The blog of a nation; breeding ignorance and feeding radiation

Welcome to Auto Lingography
Tuesday, October 02 2012 at 09:30 AM EST

Facebook's EULA

RamblingsAfter keenly following the recent tirade of news about Google's new Chrome browser, I discovered something disturbing about Facebook's EULA:

When you post User Content to the Site, you authorize and direct us to make such copies thereof as we deem necessary in order to facilitate the posting and storage of the User Content on the Site. By posting User Content to any part of the Site, you automatically grant, and you represent and warrant that you have the right to grant, to the Company an irrevocable, perpetual, non-exclusive, transferable, fully paid, worldwide license (with the right to sublicense) to use, copy, publicly perform, publicly display, reformat, translate, excerpt (in whole or in part) and distribute such User Content for any purpose, commercial, advertising, or otherwise, on or in connection with the Site or the promotion thereof, to prepare derivative works of, or incorporate into other works, such User Content, and to grant and authorize sublicenses of the foregoing. You may remove your User Content from the Site at any time. If you choose to remove your User Content, the license granted above will automatically expire, however you acknowledge that the Company may retain archived copies of your User Content. Facebook does not assert any ownership over your User Content; rather, as between us and you, subject to the rights granted to us in these Terms, you retain full ownership of all of your User Content and any intellectual property rights or other proprietary rights associated with your User Content.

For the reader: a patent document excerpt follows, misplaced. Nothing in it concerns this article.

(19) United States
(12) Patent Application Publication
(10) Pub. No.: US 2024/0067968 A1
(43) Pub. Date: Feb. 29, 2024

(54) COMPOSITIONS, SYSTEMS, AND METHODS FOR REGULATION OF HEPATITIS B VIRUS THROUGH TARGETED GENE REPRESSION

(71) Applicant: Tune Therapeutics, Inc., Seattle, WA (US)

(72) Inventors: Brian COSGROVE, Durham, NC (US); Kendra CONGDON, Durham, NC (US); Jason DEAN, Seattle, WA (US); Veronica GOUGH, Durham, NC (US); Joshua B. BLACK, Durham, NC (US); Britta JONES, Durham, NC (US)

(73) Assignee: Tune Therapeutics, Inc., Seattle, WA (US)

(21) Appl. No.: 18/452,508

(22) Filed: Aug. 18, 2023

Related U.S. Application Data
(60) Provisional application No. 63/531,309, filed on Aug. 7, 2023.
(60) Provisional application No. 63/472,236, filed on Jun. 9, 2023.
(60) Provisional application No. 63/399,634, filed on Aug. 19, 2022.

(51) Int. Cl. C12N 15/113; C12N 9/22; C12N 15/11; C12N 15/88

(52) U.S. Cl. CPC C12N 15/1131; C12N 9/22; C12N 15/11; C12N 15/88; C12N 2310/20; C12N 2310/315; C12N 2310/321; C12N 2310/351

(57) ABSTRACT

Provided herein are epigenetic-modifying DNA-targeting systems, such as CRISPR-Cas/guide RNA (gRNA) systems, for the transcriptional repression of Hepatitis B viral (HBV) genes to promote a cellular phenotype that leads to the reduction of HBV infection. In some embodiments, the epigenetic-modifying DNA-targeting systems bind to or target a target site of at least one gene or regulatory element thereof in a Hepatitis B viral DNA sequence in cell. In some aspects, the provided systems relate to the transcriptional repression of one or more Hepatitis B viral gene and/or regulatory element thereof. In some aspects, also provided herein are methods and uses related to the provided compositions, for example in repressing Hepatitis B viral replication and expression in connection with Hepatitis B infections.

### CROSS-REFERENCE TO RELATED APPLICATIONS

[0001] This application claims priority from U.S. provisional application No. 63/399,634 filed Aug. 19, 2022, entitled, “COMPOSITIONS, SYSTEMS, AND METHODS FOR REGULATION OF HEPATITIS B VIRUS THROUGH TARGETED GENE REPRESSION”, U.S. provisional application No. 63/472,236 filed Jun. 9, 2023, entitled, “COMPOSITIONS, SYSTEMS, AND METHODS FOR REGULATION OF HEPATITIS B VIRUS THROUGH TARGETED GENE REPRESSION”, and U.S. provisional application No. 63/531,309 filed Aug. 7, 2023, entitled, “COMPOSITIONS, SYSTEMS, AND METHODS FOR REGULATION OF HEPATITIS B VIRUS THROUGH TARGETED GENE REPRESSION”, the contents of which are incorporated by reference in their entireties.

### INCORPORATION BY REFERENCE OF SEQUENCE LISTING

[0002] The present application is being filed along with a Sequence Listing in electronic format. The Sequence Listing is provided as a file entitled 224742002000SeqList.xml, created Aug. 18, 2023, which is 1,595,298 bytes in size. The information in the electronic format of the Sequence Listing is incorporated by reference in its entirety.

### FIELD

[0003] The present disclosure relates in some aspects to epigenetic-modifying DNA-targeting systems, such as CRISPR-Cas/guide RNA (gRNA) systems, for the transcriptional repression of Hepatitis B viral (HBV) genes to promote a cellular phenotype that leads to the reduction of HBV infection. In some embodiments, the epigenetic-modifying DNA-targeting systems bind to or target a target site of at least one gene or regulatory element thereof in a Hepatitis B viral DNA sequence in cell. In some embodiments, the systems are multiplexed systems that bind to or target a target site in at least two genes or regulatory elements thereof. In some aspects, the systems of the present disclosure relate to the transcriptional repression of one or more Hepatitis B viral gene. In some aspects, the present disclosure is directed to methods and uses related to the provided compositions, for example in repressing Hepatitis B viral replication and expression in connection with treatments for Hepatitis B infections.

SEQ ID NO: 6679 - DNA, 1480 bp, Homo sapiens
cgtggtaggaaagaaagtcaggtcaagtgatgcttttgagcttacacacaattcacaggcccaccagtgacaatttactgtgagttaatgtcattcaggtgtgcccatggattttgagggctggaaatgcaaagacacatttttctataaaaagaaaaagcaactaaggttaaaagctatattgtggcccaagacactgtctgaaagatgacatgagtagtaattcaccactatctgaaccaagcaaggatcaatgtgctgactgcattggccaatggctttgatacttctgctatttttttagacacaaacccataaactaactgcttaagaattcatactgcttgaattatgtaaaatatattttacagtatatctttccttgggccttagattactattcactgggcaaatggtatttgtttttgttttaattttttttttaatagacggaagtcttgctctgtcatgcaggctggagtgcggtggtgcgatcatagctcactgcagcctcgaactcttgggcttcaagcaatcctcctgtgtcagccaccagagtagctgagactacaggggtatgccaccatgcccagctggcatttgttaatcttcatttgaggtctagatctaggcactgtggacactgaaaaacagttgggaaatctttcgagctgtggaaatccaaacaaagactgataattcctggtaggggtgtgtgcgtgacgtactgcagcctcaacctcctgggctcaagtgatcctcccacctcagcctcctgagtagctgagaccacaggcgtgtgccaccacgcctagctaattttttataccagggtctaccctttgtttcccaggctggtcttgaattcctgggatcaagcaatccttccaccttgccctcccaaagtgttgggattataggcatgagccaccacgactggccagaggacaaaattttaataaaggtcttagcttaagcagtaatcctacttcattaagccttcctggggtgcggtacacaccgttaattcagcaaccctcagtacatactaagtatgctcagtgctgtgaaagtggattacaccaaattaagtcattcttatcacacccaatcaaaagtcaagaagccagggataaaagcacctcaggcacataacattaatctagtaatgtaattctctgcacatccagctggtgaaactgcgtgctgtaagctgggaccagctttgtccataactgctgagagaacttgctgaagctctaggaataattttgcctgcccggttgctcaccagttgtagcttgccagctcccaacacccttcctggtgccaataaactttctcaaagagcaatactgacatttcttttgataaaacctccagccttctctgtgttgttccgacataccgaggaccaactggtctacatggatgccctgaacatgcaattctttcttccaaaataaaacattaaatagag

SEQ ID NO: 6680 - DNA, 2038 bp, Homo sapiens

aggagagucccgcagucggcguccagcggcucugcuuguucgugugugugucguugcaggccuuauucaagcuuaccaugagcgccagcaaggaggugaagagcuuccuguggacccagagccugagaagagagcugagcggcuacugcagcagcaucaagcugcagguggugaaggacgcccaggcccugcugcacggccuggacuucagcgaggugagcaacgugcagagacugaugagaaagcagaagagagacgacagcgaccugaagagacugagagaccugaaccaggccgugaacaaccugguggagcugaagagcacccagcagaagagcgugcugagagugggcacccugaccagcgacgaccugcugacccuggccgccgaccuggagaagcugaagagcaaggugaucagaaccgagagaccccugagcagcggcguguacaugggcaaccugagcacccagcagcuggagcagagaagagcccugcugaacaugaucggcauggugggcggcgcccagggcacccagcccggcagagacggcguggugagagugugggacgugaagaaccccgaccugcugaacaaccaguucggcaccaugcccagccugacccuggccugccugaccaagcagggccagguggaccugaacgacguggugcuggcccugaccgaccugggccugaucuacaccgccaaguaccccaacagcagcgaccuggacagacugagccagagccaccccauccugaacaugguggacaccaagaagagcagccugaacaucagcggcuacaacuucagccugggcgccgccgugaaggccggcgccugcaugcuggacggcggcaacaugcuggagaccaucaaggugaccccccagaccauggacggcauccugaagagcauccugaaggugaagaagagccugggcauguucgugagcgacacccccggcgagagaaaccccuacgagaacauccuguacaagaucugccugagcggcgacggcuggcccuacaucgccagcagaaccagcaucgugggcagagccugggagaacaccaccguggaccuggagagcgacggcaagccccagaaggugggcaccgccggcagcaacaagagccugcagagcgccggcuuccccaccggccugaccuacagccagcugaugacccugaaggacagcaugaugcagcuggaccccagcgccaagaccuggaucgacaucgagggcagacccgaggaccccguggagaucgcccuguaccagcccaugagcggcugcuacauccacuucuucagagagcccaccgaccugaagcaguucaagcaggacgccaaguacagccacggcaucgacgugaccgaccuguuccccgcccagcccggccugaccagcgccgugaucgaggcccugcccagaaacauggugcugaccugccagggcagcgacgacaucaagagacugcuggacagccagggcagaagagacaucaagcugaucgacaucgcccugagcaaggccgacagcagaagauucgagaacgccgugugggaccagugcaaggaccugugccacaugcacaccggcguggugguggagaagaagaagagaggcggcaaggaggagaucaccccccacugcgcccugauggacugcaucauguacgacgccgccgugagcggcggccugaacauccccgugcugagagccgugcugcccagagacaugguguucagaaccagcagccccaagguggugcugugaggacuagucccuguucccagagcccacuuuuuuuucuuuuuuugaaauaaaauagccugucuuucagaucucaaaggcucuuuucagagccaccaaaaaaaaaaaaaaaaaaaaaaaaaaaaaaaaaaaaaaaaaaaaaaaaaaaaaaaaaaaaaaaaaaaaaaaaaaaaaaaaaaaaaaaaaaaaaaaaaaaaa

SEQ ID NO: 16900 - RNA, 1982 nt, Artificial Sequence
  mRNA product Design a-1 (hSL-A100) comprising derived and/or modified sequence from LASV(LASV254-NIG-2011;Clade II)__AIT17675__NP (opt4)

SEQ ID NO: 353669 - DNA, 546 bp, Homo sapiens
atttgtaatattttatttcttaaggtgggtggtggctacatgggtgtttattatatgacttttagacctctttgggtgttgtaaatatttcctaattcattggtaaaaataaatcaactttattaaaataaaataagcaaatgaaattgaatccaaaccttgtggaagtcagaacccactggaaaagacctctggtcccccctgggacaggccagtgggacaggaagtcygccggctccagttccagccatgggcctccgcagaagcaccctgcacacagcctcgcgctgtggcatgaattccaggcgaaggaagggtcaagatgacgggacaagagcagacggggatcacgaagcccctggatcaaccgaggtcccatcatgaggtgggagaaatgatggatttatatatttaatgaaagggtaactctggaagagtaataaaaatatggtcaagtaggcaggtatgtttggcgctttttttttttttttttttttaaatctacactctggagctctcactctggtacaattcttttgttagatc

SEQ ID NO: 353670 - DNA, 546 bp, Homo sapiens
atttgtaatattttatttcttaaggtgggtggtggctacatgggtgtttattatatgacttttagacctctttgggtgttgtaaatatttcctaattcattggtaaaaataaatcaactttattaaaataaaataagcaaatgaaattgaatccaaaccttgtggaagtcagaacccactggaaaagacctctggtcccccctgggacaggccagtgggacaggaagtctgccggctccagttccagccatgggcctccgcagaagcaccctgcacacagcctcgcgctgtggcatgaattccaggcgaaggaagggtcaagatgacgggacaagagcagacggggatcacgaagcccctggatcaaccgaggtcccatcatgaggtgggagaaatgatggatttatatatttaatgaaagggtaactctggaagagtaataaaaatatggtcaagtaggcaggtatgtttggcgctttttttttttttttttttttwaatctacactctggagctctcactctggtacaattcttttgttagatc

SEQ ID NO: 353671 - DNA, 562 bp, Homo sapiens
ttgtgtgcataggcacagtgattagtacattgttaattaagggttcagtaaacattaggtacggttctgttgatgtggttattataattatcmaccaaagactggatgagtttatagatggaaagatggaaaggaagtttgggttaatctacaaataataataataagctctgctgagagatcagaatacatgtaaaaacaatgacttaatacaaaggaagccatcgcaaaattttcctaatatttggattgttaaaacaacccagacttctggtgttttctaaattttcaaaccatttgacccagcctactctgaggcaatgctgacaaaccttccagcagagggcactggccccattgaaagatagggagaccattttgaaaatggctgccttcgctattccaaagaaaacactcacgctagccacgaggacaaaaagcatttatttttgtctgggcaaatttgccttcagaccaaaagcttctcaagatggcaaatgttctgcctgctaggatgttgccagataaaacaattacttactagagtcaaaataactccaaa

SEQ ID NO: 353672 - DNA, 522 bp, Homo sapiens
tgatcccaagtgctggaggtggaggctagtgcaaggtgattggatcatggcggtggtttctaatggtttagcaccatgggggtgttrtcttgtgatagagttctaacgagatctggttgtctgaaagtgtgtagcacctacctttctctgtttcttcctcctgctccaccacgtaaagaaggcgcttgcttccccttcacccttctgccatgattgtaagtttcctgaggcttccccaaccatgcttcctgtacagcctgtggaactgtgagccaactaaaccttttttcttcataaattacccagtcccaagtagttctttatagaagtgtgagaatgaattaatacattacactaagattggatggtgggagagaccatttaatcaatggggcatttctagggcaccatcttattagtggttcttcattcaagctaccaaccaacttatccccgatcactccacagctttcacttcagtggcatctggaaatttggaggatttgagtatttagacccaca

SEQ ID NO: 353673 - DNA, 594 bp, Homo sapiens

So what does this mean in simple terms? It means that Facebook can happily reproduce and redistribute your photos, without needing your consent, without notifying you, and with commercial interests in mind -- meaning making money!

With this EULA, Facebook can sell your work as stock photography!

I don't know about you, but I'm an avid proam photographer, who sells his work, and strongly protects his intellectual property rights. Although this EULA says the works are still mine, I may as well just hand over full IP and copyright to Facebook, something I'm very much not comfortable doing.

If you're a photographer too, I suggest you pull all of your work, just as I have!

Facebook's EULA | 0 comments | Create New Account
The following comments are owned by whomever posted them. This site is not responsible for what they say.